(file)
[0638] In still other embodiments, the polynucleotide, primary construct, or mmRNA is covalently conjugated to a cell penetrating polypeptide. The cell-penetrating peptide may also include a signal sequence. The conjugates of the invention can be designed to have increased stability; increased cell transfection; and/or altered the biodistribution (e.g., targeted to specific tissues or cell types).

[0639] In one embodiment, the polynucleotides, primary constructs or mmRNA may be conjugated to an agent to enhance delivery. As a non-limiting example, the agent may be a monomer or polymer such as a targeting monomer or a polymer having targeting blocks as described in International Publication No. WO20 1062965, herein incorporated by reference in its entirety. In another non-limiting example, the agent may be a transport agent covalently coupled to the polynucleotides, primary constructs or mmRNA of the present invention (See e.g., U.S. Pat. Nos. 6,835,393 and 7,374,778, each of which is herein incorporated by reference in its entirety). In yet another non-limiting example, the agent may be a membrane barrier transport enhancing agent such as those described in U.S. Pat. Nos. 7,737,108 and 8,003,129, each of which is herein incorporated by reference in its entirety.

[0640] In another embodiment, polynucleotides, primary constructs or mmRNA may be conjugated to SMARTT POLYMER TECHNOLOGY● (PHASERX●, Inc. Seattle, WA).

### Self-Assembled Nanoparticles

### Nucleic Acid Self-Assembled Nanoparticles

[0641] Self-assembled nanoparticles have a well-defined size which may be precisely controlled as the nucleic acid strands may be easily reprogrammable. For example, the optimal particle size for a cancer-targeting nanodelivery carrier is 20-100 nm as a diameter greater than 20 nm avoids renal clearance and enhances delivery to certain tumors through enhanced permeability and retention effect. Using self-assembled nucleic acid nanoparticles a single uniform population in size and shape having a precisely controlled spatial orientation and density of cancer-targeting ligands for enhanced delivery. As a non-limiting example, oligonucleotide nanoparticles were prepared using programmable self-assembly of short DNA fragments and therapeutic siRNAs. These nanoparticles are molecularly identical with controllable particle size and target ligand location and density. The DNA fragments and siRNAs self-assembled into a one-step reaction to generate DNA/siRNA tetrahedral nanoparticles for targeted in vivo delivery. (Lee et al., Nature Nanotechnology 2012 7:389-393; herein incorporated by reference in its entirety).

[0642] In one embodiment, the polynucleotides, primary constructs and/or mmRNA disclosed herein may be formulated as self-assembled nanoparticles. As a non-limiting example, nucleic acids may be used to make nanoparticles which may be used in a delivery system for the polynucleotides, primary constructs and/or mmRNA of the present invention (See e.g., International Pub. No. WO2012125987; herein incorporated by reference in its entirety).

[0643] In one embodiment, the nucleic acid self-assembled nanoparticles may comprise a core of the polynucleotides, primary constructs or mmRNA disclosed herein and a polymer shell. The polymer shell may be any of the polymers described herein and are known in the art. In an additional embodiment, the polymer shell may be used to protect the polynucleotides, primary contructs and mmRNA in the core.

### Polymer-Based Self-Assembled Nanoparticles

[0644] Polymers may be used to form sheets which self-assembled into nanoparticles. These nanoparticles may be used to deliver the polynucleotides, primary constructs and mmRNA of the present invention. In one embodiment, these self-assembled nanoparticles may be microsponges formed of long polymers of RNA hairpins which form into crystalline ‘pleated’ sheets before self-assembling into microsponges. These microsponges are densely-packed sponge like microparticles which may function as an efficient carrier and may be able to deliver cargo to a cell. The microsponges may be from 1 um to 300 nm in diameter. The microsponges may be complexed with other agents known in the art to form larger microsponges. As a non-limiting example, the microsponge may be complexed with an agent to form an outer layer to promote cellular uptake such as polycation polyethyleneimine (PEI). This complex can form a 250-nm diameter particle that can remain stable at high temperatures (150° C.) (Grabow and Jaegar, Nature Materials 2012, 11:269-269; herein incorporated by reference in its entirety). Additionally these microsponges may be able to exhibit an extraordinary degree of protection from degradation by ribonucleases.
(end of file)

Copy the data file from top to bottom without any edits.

[0638] In still other embodiments, the polynucleotide, primary construct, or mmRNA is covalently conjugated to a cell penetrating polypeptide. The cell-penetrating peptide may also include a signal sequence. The conjugates of the invention can be designed to have increased stability; increased cell transfection; and/or altered the biodistribution (e.g., targeted to specific tissues or cell types).

[0639] In one embodiment, the polynucleotides, primary constructs or mmRNA may be conjugated to an agent to enhance delivery. As a non-limiting example, the agent may be a monomer or polymer such as a targeting monomer or a polymer having targeting blocks as described in International Publication No. WO20 1062965, herein incorporated by reference in its entirety. In another non-limiting example, the agent may be a transport agent covalently coupled to the polynucleotides, primary constructs or mmRNA of the present invention (See e.g., U.S. Pat. Nos. 6,835,393 and 7,374,778, each of which is herein incorporated by reference in its entirety). In yet another non-limiting example, the agent may be a membrane barrier transport enhancing agent such as those described in U.S. Pat. Nos. 7,737,108 and 8,003,129, each of which is herein incorporated by reference in its entirety.

[0640] In another embodiment, polynucleotides, primary constructs or mmRNA may be conjugated to SMARTT POLYMER TECHNOLOGY● (PHASERX●, Inc. Seattle, WA).

### Self-Assembled Nanoparticles

### Nucleic Acid Self-Assembled Nanoparticles

[0641] Self-assembled nanoparticles have a well-defined size which may be precisely controlled as the nucleic acid strands may be easily reprogrammable. For example, the optimal particle size for a cancer-targeting nanodelivery carrier is 20-100 nm as a diameter greater than 20 nm avoids renal clearance and enhances delivery to certain tumors through enhanced permeability and retention effect. Using self-assembled nucleic acid nanoparticles a single uniform population in size and shape having a precisely controlled spatial orientation and density of cancer-targeting ligands for enhanced delivery. As a non-limiting example, oligonucleotide nanoparticles were prepared using programmable self-assembly of short DNA fragments and therapeutic siRNAs. These nanoparticles are molecularly identical with controllable particle size and target ligand location and density. The DNA fragments and siRNAs self-assembled into a one-step reaction to generate DNA/siRNA tetrahedral nanoparticles for targeted in vivo delivery. (Lee et al., Nature Nanotechnology 2012 7:389-393; herein incorporated by reference in its entirety).

[0642] In one embodiment, the polynucleotides, primary constructs and/or mmRNA disclosed herein may be formulated as self-assembled nanoparticles. As a non-limiting example, nucleic acids may be used to make nanoparticles which may be used in a delivery system for the polynucleotides, primary constructs and/or mmRNA of the present invention (See e.g., International Pub. No. WO2012125987; herein incorporated by reference in its entirety).

[0643] In one embodiment, the nucleic acid self-assembled nanoparticles may comprise a core of the polynucleotides, primary constructs or mmRNA disclosed herein and a polymer shell. The polymer shell may be any of the polymers described herein and are known in the art. In an additional embodiment, the polymer shell may be used to protect the polynucleotides, primary contructs and mmRNA in the core.

### Polymer-Based Self-Assembled Nanoparticles

[0644] Polymers may be used to form sheets which self-assembled into nanoparticles. These nanoparticles may be used to deliver the polynucleotides, primary constructs and mmRNA of the present invention. In one embodiment, these self-assembled nanoparticles may be microsponges formed of long polymers of RNA hairpins which form into crystalline ‘pleated’ sheets before self-assembling into microsponges. These microsponges are densely-packed sponge like microparticles which may function as an efficient carrier and may be able to deliver cargo to a cell. The microsponges may be from 1 um to 300 nm in diameter. The microsponges may be complexed with other agents known in the art to form larger microsponges. As a non-limiting example, the microsponge may be complexed with an agent to form an outer layer to promote cellular uptake such as polycation polyethyleneimine (PEI). This complex can form a 250-nm diameter particle that can remain stable at high temperatures (150° C.) (Grabow and Jaegar, Nature Materials 2012, 11:269-269; herein incorporated by reference in its entirety). Additionally these microsponges may be able to exhibit an extraordinary degree of protection from degradation by ribonucleases.